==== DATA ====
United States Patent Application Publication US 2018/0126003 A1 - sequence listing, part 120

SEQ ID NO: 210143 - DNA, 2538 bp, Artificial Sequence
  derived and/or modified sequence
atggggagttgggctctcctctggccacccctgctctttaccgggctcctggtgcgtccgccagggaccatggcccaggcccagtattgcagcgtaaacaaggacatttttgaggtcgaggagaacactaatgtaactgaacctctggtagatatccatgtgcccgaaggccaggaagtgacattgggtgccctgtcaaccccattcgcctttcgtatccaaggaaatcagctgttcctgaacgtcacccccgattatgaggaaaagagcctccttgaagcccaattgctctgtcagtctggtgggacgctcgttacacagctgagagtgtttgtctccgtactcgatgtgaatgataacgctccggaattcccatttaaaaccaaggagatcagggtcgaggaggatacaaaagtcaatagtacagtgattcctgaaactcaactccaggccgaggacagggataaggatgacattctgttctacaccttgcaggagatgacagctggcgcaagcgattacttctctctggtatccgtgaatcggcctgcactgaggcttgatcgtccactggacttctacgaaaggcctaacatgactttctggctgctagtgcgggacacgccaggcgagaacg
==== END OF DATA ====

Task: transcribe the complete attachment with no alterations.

United States Patent Application Publication US 2018/0126003 A1 - sequence listing, part 120

SEQ ID NO: 210143 - DNA, 2538 bp, Artificial Sequence
  derived and/or modified sequence
atggggagttgggctctcctctggccacccctgctctttaccgggctcctggtgcgtccgccagggaccatggcccaggcccagtattgcagcgtaaacaaggacatttttgaggtcgaggagaacactaatgtaactgaacctctggtagatatccatgtgcccgaaggccaggaagtgacattgggtgccctgtcaaccccattcgcctttcgtatccaaggaaatcagctgttcctgaacgtcacccccgattatgaggaaaagagcctccttgaagcccaattgctctgtcagtctggtgggacgctcgttacacagctgagagtgtttgtctccgtactcgatgtgaatgataacgctccggaattcccatttaaaaccaaggagatcagggtcgaggaggatacaaaagtcaatagtacagtgattcctgaaactcaactccaggccgaggacagggataaggatgacattctgttctacaccttgcaggagatgacagctggcgcaagcgattacttctctctggtatccgtgaatcggcctgcactgaggcttgatcgtccactggacttctacgaaaggcctaacatgactttctggctgctagtgcgggacacgccaggcgagaacg